19 August 2006

Lebanon and the Ceasefire

The ramifications of the conflict in Lebanon are unclear, although three issues seem to stand out: Hezbollah's “victory”, the political fallout in Israel and the ceasefire.

In the short-term, the conflict may result in a propaganda victory for Hezbollah locally, as they spend vast sums of money in the rebuilding of Beirut, winning loyalty and news coverage across the Middle East. Merely surviving the onslaught of the IDF is taken by many in the Middle East as a “victory”, irrespective of the civilian casualties and the longer term consequences for Lebanon.

In Israel, Prime Minister Olmert's position is very weak and there is considerable criticism of how the General staff and government conducted the war. The result may be a shake-up amongst the military and Olmert’s replacement by Binyamin Netanyahu.

The ceasefire established on the UN resolution 1701 seems to be holding but the key element: the UN force, looks decidedly shaky.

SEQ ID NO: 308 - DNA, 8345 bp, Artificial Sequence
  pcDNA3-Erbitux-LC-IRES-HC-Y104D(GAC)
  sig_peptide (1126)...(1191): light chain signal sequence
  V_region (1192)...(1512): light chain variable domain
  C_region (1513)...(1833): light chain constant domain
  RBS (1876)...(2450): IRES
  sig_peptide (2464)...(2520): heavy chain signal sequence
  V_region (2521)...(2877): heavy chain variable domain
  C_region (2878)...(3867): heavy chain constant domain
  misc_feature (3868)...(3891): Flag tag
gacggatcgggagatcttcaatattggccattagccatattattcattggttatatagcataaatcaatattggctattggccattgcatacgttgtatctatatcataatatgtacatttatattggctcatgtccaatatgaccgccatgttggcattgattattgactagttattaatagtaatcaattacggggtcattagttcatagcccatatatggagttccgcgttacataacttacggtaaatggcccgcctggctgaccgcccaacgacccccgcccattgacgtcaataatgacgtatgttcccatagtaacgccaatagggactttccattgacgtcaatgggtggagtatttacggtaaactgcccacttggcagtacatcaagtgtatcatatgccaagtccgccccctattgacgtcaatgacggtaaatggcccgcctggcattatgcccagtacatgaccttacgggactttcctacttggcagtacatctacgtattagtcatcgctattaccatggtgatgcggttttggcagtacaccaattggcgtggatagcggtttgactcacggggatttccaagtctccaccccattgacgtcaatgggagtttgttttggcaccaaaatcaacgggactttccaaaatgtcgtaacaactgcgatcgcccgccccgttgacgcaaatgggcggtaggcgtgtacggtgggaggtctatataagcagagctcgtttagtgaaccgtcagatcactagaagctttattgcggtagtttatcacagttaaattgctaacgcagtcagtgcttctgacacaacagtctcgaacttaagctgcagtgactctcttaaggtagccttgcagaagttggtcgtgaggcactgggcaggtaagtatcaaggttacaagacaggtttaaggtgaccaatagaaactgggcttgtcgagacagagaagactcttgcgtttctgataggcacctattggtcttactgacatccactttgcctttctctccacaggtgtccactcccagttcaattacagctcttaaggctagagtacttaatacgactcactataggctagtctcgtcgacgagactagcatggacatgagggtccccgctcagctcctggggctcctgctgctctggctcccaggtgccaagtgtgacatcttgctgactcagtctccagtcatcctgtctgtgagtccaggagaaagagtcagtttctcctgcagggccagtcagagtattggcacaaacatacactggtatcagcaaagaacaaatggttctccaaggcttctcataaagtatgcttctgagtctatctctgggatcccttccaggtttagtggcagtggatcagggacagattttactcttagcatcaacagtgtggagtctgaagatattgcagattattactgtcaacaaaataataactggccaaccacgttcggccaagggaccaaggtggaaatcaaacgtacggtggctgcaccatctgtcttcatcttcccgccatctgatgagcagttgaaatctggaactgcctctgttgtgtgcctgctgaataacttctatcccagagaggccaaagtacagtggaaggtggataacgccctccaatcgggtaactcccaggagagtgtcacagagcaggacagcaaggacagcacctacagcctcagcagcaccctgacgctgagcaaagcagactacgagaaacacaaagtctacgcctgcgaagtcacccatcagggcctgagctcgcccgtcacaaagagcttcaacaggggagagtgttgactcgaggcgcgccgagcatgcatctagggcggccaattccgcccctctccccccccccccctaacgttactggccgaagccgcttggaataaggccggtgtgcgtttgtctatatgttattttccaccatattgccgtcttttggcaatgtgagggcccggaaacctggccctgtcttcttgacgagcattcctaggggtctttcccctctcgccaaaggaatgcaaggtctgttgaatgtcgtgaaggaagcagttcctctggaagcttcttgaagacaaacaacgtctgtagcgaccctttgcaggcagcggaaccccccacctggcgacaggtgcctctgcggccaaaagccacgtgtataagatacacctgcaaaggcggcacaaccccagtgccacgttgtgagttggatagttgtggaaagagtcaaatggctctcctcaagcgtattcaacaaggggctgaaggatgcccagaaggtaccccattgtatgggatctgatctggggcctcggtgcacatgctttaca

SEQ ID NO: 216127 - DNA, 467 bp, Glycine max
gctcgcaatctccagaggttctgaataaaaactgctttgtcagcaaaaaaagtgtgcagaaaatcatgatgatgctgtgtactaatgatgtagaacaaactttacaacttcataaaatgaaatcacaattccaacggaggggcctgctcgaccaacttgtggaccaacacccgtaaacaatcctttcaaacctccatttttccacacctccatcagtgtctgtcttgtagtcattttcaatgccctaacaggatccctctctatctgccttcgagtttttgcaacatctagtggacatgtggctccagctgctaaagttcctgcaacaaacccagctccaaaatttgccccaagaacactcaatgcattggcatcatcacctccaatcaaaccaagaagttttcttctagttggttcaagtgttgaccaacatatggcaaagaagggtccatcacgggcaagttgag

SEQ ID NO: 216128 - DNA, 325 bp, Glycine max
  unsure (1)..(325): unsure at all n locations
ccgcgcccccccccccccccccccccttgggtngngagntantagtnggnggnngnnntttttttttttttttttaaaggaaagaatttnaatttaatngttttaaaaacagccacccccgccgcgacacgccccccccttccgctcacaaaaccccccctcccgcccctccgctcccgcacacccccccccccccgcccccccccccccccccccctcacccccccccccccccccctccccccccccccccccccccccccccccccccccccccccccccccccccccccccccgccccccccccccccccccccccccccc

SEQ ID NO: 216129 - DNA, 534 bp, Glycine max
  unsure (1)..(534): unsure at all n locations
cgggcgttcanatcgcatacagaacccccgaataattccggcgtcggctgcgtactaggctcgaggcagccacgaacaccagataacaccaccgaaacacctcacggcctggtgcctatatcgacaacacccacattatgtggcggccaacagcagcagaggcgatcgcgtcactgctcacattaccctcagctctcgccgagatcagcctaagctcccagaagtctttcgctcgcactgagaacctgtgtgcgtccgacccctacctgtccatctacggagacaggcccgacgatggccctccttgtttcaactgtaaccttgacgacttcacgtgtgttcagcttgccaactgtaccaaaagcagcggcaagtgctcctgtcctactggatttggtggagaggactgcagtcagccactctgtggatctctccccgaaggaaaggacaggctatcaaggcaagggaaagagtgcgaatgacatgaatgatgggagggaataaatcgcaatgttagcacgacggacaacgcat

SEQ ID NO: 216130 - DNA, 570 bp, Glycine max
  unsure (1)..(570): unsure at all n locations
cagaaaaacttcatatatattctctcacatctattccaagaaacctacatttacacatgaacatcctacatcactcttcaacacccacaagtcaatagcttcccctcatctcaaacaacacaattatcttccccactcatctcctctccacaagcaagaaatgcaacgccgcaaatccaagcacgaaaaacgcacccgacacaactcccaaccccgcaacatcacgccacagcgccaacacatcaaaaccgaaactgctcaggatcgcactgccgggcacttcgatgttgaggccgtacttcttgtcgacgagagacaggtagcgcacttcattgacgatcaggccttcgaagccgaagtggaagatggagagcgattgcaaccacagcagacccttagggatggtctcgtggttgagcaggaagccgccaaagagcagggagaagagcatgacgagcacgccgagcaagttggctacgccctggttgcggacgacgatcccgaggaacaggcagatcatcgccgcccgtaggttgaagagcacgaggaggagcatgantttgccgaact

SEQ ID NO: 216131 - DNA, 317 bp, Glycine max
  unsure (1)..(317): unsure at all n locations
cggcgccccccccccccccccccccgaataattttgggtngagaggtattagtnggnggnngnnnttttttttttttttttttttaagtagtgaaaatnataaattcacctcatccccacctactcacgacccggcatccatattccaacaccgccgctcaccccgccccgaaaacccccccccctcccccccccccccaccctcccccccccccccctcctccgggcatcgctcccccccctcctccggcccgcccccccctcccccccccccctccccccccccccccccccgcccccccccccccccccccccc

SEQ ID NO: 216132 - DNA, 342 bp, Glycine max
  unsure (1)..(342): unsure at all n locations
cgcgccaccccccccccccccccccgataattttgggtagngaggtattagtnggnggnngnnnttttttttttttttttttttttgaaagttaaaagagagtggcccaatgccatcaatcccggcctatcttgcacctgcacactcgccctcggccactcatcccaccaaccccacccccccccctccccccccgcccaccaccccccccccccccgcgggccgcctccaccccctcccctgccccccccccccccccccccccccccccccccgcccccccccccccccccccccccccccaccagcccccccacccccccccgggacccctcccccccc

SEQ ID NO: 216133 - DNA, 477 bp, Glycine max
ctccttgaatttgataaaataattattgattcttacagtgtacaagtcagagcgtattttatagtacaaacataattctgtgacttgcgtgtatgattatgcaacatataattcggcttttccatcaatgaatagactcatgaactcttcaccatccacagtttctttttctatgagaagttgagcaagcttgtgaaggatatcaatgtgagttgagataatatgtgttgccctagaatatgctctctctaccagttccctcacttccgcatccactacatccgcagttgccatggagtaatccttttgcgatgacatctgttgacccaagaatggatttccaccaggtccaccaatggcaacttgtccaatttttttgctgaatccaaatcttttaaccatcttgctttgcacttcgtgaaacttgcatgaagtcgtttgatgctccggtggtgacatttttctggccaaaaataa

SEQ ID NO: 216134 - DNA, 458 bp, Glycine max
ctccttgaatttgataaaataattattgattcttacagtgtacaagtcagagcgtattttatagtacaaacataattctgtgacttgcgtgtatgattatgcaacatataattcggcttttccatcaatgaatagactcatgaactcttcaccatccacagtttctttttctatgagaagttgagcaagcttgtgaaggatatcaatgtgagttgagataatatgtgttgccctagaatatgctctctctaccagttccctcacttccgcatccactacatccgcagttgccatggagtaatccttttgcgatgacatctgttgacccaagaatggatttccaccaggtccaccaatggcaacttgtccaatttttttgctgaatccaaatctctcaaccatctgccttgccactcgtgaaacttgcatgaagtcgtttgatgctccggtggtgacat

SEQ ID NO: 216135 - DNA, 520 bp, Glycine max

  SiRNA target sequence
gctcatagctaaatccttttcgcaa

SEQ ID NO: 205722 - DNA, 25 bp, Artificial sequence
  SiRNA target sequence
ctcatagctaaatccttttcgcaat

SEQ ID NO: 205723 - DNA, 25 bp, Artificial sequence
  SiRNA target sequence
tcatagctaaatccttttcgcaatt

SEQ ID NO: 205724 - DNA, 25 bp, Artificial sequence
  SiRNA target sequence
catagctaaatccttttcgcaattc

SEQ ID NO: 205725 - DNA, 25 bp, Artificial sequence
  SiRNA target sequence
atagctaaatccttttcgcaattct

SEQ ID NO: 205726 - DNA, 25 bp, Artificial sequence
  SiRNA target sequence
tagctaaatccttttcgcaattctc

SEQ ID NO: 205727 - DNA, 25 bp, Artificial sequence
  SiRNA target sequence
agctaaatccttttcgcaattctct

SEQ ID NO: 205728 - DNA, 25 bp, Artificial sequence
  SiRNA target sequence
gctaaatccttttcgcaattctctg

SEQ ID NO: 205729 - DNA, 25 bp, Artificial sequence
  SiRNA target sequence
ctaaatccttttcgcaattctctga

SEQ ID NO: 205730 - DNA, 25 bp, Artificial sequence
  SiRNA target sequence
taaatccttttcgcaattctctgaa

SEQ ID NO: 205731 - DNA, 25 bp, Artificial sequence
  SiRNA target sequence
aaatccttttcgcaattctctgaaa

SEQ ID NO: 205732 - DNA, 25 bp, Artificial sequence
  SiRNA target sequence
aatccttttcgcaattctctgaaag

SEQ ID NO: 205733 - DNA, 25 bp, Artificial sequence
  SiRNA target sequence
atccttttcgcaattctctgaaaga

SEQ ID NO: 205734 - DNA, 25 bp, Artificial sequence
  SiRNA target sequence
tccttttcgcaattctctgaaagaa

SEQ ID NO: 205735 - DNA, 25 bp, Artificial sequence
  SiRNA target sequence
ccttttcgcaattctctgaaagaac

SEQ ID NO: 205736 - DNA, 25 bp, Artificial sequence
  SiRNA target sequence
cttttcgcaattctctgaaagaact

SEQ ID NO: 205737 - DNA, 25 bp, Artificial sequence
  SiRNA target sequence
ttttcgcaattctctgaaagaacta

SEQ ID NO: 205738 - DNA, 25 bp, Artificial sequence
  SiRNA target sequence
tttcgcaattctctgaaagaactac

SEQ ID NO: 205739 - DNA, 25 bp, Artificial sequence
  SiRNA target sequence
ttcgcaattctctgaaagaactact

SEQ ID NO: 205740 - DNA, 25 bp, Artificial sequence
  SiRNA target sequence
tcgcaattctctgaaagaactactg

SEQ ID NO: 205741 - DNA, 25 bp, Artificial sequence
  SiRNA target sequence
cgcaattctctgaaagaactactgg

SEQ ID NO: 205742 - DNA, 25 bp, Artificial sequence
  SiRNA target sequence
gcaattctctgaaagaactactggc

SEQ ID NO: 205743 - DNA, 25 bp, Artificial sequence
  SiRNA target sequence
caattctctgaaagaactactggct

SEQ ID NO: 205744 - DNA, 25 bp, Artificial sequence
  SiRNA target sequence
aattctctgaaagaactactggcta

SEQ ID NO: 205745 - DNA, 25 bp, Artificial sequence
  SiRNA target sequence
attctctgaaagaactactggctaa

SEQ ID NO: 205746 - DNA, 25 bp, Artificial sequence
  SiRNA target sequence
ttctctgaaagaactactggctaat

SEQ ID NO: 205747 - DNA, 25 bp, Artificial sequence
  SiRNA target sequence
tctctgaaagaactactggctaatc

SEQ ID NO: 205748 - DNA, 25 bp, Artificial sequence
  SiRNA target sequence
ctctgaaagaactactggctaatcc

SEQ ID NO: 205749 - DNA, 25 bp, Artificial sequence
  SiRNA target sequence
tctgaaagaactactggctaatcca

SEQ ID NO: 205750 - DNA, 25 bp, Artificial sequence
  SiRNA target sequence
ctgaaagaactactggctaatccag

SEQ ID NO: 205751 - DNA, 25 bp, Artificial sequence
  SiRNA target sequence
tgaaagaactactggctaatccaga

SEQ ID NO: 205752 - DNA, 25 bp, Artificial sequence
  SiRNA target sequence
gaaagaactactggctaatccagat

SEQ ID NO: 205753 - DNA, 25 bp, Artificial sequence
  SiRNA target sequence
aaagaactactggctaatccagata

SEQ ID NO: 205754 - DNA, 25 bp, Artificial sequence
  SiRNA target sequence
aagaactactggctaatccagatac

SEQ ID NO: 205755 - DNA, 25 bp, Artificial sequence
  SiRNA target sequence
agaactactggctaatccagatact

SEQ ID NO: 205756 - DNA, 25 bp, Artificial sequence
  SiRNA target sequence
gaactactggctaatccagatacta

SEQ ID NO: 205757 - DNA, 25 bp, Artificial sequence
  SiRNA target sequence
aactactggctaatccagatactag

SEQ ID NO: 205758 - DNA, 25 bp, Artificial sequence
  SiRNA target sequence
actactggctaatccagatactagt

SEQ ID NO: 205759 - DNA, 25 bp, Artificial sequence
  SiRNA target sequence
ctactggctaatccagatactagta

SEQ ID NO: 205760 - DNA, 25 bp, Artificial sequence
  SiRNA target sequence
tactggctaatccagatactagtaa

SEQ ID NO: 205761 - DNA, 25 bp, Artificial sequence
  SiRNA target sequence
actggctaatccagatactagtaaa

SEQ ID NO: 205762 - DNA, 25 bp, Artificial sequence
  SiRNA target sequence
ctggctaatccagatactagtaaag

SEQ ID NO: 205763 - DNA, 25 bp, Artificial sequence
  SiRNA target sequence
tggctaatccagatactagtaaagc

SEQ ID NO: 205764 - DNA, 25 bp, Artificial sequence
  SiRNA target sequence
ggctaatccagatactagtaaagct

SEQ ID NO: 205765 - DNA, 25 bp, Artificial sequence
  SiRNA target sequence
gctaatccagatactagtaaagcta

After the initial pronouncements of participation from France and Germany, they have backtracked and significantly scaled down their involvement. Seemingly the problem is over the rules of engagement, which is a polite way of saying, how they would have to deal with Hezbollah.

France and Germany’s unwillingness to provide a sizeable element of the UN force may doom the whole project, a substantial military force would be required to disarm Hezbollah.

The disarmament of Hezbollah is central to resolving this and any future conflict.

I suspect that Germany and France are unwilling to place their soldiers directly in the firing line, as it appears that Hezbollah will not willingly give up their weapons.

So the UN force will be obliged to either:

1. disarm Hezbollah, according to UN resolutions 1701 and 1559
2. or play along with the façade of removing weapons, rockets and missiles from southern Lebanon, when in reality they will be hidden for “round” two.

The latter is more likely and so we can expect another conflict within the next year or so.

Unless Hezbollah disband their militia and remove the constant threat to Israeli civilians there will be another conflict, and I suspect much bloodier, next time around.

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